Hospice provides care at home or a facility for persons whose life expectancy due to illness is six months or less.
Charles Boling, a U.S. Air Force veteran and retired history teacher, was already experiencing Parkinson’s Disease, when he suffered a crisis with kidney disease in 2016. His daughter Elizabeth and her siblings Daniel and Malinda were advised to seek hospice care.
Elizabeth Boling, a professor at Indiana University Bloomington and the closest to her father geographically, sought help from IU Health Bloomington Hospice. “Hospice saved our lives,” she said.
For 20 months, Elizabeth Boling was continually impressed by the many ways hospice staff exceeded her expectations. Their first act was installing a hospital bed for Mr. Boling’s safety, then acquiring and installing a lift for caregivers to use when moving him. Elizabeth Boling said hospice staff provided comfort, solace and strength at every stage of this uncertain and exhausting journey.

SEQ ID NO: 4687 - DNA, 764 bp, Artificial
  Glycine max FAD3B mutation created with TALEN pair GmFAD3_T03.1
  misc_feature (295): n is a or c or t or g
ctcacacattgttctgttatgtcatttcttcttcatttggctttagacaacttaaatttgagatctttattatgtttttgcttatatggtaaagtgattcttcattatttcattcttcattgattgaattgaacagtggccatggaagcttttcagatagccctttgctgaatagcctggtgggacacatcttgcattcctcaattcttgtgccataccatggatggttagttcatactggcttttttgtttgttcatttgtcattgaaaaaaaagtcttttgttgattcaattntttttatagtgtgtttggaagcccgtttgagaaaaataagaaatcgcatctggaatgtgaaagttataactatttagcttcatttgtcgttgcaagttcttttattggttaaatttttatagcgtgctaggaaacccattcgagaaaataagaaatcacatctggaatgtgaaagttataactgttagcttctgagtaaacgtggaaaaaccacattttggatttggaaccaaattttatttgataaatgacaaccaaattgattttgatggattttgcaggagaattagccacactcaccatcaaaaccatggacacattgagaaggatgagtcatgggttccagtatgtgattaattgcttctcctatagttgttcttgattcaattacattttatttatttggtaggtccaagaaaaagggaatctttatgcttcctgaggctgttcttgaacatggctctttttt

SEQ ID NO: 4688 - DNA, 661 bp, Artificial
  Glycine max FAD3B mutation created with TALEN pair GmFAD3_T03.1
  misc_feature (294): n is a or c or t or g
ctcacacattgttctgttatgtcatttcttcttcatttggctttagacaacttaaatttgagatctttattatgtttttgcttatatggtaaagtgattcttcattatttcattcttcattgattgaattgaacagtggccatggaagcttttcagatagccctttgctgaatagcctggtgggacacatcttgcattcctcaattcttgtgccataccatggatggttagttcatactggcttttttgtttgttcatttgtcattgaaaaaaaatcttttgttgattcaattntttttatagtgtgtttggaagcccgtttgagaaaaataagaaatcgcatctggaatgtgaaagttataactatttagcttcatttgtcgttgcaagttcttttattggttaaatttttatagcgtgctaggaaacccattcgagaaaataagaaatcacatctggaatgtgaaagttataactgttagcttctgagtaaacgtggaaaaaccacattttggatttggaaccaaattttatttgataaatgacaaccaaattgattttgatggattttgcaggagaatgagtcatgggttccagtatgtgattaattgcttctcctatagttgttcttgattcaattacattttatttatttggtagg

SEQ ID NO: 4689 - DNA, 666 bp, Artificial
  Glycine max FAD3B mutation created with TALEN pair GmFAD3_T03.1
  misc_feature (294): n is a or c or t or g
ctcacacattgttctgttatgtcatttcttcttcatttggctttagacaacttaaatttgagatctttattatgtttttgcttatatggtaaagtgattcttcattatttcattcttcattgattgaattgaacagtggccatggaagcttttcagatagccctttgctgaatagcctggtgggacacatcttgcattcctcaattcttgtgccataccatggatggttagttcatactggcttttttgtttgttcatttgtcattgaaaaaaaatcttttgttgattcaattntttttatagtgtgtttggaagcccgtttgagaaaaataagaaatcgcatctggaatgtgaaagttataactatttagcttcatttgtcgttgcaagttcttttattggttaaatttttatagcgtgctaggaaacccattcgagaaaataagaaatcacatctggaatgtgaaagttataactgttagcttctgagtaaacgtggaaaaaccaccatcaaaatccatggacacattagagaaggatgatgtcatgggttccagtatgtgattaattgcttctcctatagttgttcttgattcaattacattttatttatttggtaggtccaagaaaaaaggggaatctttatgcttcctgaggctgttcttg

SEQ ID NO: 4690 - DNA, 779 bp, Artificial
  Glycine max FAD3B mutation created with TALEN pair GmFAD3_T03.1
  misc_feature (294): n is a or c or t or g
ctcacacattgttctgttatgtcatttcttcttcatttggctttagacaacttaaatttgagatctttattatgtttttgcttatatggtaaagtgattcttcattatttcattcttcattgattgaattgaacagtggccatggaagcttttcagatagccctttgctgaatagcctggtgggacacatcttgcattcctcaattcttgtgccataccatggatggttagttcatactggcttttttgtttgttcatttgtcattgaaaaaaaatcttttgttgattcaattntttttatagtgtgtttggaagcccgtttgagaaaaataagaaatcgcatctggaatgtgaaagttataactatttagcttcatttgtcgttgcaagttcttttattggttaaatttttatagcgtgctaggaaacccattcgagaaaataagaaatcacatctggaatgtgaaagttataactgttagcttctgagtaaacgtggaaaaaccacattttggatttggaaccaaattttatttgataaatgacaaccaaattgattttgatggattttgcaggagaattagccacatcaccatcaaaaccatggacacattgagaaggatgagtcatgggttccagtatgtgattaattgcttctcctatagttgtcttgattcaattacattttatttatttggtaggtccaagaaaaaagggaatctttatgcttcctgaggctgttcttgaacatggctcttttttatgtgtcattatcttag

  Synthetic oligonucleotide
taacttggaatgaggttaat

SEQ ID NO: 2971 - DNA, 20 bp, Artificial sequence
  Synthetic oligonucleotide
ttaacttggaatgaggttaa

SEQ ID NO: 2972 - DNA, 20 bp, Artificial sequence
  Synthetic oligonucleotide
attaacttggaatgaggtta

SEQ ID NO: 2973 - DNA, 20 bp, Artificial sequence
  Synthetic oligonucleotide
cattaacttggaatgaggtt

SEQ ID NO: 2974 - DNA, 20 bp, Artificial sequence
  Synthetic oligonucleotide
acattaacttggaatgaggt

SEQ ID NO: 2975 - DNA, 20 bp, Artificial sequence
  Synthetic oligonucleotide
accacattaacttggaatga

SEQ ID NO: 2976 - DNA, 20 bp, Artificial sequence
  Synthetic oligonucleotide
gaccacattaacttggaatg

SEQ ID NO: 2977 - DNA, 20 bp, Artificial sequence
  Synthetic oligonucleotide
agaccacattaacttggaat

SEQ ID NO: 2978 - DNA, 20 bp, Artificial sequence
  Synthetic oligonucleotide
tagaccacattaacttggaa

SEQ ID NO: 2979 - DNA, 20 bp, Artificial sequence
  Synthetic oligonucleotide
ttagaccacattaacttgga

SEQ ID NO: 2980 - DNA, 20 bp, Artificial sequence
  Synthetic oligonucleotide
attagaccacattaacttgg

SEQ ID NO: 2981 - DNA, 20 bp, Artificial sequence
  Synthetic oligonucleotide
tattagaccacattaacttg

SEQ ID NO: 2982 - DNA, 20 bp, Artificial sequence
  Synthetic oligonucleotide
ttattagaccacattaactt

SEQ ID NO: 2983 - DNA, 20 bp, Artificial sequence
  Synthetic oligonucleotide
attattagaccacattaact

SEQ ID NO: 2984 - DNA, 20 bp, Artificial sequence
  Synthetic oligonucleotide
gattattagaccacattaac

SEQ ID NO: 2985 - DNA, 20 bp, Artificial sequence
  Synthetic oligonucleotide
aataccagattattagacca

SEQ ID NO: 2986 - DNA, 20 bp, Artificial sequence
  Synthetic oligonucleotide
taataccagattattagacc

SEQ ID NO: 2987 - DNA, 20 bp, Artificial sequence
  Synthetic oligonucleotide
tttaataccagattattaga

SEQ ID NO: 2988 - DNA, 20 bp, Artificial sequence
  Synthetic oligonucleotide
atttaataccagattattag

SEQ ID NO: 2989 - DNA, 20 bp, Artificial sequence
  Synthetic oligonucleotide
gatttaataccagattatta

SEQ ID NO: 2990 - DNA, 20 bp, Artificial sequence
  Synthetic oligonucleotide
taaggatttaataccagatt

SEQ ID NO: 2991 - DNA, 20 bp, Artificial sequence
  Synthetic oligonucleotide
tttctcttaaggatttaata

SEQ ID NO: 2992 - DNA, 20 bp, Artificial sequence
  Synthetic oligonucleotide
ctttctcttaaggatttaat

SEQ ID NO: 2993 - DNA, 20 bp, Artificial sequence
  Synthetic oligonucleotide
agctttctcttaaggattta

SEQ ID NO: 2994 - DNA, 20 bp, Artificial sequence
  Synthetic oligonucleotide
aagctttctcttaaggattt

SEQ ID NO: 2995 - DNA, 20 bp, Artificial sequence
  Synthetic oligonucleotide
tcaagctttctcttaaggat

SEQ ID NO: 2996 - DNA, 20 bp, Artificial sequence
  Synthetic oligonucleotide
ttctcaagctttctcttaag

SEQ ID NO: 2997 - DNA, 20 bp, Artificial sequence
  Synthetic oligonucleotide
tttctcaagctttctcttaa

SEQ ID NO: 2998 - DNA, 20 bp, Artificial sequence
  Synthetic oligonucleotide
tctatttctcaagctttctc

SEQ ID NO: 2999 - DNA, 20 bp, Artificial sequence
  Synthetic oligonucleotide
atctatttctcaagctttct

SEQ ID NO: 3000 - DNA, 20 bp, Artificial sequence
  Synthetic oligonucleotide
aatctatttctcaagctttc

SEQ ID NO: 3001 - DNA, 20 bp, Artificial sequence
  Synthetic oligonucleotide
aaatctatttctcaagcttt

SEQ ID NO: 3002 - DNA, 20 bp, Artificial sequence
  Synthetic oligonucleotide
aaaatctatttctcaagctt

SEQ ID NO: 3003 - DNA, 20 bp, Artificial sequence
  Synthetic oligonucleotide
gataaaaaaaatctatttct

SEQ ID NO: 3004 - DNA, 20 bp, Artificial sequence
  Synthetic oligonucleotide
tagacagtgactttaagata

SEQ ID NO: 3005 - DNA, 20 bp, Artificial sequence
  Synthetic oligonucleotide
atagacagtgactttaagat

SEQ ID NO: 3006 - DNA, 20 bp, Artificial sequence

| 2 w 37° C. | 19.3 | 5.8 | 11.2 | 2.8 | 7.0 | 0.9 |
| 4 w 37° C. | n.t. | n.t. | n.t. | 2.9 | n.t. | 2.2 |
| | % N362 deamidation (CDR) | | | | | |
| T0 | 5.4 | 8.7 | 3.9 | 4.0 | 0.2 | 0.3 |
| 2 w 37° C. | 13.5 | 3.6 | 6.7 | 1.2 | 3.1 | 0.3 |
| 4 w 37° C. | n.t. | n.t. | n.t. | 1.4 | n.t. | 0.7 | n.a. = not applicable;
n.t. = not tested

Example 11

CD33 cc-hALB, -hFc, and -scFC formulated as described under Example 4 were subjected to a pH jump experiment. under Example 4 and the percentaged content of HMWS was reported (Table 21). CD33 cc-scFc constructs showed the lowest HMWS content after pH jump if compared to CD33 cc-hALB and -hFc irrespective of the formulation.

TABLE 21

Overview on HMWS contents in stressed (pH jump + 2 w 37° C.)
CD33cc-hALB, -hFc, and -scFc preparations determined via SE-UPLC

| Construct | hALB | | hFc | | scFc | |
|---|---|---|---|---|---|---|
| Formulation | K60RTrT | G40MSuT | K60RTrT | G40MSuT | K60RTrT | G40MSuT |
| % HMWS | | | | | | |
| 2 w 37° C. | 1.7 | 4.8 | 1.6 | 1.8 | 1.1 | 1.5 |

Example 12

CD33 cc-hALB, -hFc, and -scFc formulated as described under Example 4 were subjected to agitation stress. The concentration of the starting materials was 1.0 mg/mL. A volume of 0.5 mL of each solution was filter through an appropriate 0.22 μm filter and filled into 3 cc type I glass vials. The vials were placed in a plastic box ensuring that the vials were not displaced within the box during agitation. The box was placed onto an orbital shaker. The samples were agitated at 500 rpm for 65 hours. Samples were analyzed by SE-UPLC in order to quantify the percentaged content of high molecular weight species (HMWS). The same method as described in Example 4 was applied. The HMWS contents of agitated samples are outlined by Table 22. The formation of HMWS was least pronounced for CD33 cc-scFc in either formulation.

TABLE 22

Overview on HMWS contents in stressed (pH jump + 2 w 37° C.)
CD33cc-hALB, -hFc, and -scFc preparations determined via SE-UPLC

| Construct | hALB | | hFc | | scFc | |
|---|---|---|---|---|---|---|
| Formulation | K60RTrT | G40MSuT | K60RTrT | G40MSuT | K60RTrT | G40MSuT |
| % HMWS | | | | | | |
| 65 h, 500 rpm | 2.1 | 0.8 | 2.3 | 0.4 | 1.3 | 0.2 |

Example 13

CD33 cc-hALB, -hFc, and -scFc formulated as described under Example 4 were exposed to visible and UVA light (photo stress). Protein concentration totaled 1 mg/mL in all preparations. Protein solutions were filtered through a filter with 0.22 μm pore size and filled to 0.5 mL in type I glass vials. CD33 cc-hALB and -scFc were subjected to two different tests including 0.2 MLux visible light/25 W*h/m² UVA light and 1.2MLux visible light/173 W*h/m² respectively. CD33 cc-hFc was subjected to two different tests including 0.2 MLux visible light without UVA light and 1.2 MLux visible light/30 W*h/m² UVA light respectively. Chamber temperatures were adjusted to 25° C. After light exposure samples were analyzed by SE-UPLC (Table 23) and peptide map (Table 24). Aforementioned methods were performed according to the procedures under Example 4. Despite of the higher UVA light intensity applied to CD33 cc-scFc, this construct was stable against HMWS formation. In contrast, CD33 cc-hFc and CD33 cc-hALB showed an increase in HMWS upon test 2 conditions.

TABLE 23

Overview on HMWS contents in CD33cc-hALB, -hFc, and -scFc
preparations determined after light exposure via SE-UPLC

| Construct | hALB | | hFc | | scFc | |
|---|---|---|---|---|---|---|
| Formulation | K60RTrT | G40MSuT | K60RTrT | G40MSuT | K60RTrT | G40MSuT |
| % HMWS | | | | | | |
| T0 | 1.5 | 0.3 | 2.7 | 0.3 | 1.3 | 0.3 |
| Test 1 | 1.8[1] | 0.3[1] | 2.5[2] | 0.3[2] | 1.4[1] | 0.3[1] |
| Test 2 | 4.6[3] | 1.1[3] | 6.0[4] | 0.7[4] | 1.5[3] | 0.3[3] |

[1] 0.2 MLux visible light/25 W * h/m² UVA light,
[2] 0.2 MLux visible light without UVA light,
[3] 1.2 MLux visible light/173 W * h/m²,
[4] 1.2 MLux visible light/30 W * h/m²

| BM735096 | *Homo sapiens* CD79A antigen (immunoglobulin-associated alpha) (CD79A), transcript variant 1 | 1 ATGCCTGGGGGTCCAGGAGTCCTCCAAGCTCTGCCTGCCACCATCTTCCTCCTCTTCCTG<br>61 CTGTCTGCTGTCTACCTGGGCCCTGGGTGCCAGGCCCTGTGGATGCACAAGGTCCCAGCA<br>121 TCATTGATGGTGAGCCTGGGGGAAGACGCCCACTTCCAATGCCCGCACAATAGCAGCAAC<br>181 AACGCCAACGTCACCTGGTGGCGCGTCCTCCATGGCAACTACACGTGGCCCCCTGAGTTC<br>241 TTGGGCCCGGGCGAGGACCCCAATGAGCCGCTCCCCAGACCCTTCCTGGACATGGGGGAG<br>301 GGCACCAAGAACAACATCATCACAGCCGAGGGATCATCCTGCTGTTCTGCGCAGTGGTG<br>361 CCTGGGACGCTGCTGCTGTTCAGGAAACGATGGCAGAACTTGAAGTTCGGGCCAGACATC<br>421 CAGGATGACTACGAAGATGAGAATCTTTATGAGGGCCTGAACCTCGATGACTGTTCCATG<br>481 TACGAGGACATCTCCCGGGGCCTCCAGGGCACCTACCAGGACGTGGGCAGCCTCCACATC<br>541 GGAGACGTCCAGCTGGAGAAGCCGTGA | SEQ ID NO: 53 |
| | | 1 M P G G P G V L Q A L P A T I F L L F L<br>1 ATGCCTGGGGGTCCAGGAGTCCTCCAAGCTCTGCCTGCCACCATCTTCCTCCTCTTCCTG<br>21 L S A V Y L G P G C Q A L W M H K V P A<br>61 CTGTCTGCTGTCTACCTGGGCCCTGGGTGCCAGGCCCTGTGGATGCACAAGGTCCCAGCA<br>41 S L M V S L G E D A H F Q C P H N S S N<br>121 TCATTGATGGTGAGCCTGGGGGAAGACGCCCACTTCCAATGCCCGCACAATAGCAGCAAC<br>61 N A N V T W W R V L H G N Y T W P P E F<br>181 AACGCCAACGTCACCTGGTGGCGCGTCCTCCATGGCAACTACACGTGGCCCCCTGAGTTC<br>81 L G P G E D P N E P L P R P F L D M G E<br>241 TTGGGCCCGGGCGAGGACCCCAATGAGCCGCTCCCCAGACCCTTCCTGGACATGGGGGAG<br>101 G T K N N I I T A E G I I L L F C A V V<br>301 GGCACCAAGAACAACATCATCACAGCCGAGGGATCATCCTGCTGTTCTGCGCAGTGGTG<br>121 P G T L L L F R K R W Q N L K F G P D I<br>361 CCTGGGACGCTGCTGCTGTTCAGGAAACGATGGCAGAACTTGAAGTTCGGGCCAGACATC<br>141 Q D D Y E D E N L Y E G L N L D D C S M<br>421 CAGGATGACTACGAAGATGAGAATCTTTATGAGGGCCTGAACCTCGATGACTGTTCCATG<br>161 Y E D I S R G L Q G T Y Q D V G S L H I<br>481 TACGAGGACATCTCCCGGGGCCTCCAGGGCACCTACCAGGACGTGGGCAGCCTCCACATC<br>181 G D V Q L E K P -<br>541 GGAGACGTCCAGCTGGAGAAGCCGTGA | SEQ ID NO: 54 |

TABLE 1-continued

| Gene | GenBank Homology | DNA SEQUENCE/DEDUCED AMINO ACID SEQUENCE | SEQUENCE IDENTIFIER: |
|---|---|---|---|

“The folks who worked with us clearly cared about my father,” she said. “They talked to him as a person, not just another sick old man. It was clear that they cared about the quality of his life down to the last day of it.”
When her father passed away in October 2018, Elizabeth Boling and her siblings gifted $10,000 from his estate to Bloomington Hospice, the oldest and largest provider of end-of-life services in South Central Indiana, and the only remaining not-for-profit hospice in the region.
Charles Boling died with dignity, and his children have ensured that others can do the same. To learn how you can make a contribution that honors IU Health caregivers, visit https://iuhealth.org/iu-health-foundation.